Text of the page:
Thursday, December 3, 2015

Lonely on the Mountain (The Sacketts #19)

Lonely on the Mountain, the nineteenth and final book in The Sacketts series by Louis L'Amour, is available at Amazon, Barnes and Noble, and BooksAMillion.

My reviews of previous books in the series can be found here:
Sackett's Land
To The Far Blue Mountains
The Warrior's Path
Jubal Sackett
Ride the River
The Daybreakers
End of the Drive
War Party
Mojave Crossing
The Sackett Brand
The Sky-Liners
The Lonely Men
Mustang Man
Treasure Mountain
Ride the Dark Trail
There is a spin-off series, the Talon and Chantry Novels, the Talon family matriarch being none other than Emily Talon née Sackett from Ride the Dark Trail. There's also a couple stand-alone books that involve Sackett men and they are on my to-read list but I'm taking a small break from L'Amour, no more than a week or two, to read other authors.

The Blurb

In Lonely on the Mountain, Louis L’Amour’s solitary wandering Sackett brothers make a stand together—to save one of their own. 
The rare letters Tell Sackett received always had trouble inside. And the terse note from his cousin Logan is no exception. Logan faces starvation or a hanging if Tell can’t drive a herd of cattle from Kansas to British Columbia before winter.  
To get to Logan, Tell must brave prairie fires, buffalo stampedes, and Sioux war parties. But worse trouble waits, for a mysterious enemy shadows Sackett’s every move across the Dakotas and the Canadian Rockies. Tell Sackett has never abandoned another Sackett in need. He will bring aid to Logan—or die trying.

My Review
Lonely on the Mountain by Louis L'Amour
My rating: 3 of 5 stars
Several of the Sackett gang appears in this story - William Tell, and both his brothers, Orrin and Tyrell, ride out to rescue cousin Logan locked up in a British Columbian jail.

The POV changes between characters a few times, but we readers mostly ride with William Tell. The POV changes should've helped break the monotony except all the characters are doing the same thing - riding a lonely trail through the grasslands spreading out at the foot of the Rocky Mountains, each character looking for the others because of stuff that keeps separating them (no spoilers).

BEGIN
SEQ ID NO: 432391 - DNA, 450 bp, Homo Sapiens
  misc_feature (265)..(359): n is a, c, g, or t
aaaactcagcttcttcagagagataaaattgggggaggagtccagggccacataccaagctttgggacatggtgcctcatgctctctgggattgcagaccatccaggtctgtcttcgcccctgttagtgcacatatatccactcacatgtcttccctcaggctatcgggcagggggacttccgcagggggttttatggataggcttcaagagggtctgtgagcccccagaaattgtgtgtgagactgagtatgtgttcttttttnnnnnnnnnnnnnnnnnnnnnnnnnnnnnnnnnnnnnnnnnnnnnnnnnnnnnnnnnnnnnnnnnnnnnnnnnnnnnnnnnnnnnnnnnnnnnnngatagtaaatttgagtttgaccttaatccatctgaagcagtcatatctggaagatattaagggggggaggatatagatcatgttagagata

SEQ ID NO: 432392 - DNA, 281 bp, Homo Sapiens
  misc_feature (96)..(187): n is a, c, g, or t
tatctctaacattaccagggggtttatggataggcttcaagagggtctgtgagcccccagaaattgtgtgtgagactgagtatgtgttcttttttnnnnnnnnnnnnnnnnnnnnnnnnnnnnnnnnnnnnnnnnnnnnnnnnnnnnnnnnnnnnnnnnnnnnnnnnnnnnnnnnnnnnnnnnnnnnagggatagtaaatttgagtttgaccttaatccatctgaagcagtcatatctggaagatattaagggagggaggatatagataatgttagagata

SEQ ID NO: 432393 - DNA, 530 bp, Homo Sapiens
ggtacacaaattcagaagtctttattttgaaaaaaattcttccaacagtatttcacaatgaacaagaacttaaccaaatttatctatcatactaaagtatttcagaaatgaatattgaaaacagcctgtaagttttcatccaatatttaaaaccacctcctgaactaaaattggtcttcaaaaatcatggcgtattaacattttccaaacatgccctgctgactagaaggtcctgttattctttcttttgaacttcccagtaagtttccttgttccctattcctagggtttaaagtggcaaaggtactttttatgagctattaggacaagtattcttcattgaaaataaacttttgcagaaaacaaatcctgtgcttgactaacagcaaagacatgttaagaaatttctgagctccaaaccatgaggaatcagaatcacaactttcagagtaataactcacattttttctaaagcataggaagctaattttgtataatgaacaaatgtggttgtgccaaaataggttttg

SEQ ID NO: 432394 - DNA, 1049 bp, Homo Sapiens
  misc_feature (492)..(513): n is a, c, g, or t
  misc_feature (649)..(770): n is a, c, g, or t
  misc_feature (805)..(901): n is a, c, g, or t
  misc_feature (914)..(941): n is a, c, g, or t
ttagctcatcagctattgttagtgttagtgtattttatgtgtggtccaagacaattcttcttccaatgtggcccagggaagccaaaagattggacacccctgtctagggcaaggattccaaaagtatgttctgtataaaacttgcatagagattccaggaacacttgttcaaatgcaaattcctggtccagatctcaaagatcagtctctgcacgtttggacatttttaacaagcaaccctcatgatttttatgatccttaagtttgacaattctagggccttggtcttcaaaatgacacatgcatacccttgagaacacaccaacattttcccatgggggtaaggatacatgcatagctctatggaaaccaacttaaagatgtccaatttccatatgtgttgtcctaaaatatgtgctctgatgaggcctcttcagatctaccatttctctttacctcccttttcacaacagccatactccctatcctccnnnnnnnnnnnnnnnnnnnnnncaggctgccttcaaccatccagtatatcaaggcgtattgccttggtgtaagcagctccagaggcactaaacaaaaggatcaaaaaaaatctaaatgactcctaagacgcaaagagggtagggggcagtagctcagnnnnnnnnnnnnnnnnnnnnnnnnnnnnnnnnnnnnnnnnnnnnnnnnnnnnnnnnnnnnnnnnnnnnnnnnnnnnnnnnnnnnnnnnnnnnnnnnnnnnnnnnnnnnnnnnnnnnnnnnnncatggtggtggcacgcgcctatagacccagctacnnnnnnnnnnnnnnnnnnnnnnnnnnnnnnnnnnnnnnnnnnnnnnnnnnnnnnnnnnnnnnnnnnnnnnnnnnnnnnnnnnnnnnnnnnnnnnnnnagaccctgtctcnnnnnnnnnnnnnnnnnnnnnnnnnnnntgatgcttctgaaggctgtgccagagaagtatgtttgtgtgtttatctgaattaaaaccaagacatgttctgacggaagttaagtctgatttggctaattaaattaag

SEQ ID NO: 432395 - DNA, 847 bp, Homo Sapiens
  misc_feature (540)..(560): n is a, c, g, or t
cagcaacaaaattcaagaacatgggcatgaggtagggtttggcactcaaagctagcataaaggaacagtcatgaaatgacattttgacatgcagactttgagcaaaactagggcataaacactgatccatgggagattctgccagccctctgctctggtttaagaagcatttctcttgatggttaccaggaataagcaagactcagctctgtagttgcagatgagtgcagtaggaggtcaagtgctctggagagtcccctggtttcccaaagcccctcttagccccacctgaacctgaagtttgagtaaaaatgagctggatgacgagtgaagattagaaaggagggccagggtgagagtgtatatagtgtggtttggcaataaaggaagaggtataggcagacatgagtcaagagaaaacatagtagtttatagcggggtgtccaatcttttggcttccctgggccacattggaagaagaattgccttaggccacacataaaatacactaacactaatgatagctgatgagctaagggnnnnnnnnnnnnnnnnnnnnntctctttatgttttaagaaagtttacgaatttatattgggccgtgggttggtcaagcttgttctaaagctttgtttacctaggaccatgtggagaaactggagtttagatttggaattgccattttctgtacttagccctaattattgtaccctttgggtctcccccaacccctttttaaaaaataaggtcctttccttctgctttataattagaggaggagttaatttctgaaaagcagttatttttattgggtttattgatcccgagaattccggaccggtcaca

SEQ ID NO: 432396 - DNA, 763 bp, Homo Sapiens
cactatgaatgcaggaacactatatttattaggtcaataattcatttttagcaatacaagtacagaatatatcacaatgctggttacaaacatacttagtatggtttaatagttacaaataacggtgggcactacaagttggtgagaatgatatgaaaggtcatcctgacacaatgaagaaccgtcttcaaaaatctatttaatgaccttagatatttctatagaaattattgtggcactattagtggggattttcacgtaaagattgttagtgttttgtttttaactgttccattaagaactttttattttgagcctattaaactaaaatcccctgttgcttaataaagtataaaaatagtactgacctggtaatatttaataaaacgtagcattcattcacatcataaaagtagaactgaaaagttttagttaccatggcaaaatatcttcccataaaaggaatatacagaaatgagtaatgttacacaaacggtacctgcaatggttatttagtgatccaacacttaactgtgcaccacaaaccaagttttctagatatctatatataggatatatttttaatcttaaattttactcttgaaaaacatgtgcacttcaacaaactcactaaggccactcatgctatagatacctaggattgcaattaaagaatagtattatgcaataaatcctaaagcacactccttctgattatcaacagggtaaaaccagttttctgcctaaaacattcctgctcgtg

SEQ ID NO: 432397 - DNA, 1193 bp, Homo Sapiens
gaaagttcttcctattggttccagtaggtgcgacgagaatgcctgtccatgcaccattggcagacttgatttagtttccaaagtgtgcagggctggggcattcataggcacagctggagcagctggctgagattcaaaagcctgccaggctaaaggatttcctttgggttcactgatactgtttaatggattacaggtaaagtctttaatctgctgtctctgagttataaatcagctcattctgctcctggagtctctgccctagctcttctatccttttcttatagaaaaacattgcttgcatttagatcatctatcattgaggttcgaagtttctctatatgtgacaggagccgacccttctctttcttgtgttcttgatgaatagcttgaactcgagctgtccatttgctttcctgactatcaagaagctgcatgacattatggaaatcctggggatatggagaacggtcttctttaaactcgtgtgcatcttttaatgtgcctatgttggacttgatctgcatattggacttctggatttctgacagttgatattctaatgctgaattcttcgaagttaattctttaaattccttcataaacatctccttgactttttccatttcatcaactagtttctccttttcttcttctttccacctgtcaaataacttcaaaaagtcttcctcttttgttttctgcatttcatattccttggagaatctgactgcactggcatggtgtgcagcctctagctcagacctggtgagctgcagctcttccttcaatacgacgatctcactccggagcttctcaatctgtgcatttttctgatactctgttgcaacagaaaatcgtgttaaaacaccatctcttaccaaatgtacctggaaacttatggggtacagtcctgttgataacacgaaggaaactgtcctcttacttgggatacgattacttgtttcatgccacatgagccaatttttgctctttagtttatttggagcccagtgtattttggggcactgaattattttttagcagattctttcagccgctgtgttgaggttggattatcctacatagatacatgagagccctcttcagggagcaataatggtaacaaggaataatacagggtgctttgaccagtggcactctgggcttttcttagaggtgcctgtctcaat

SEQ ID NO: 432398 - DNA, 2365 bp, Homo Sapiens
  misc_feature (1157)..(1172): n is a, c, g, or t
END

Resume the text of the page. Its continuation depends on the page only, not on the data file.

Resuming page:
Despite all that, three-quarters of the book kept me involved. The book was headed for four-stars but L'Amour rushed right through the ending, failing to deliver the promised showdown.

This book might fall into the final position of The Sackett's chronological order, but it wasn't last book published. Lonely on the Mountain was published in 1980, as was The Warrior's Path, with Ride the River published in 1983 and Jubal Sackett in 1985. I think L'Amour expected to return to Logan and Tell, as the ending of this book sets up the start of another town, but L'Amour may have passed away before he could do so. I know the L'Amour family promised to continue publishing his unpublished manuscripts but those haven't appeared on the market (where's a ghost-writer when ya need one?).

[GRRM could take a lesson here - ol' man, hurry up and finish your series before you die so you don't leave readers hanging like L'Amour did.]

But there's the Talon and Chantry novels to look forward to; I'm hoping the spin-off series (finished by 1981) will minimize the gap that's left by the abrupt ending of this series.

View all my reviews

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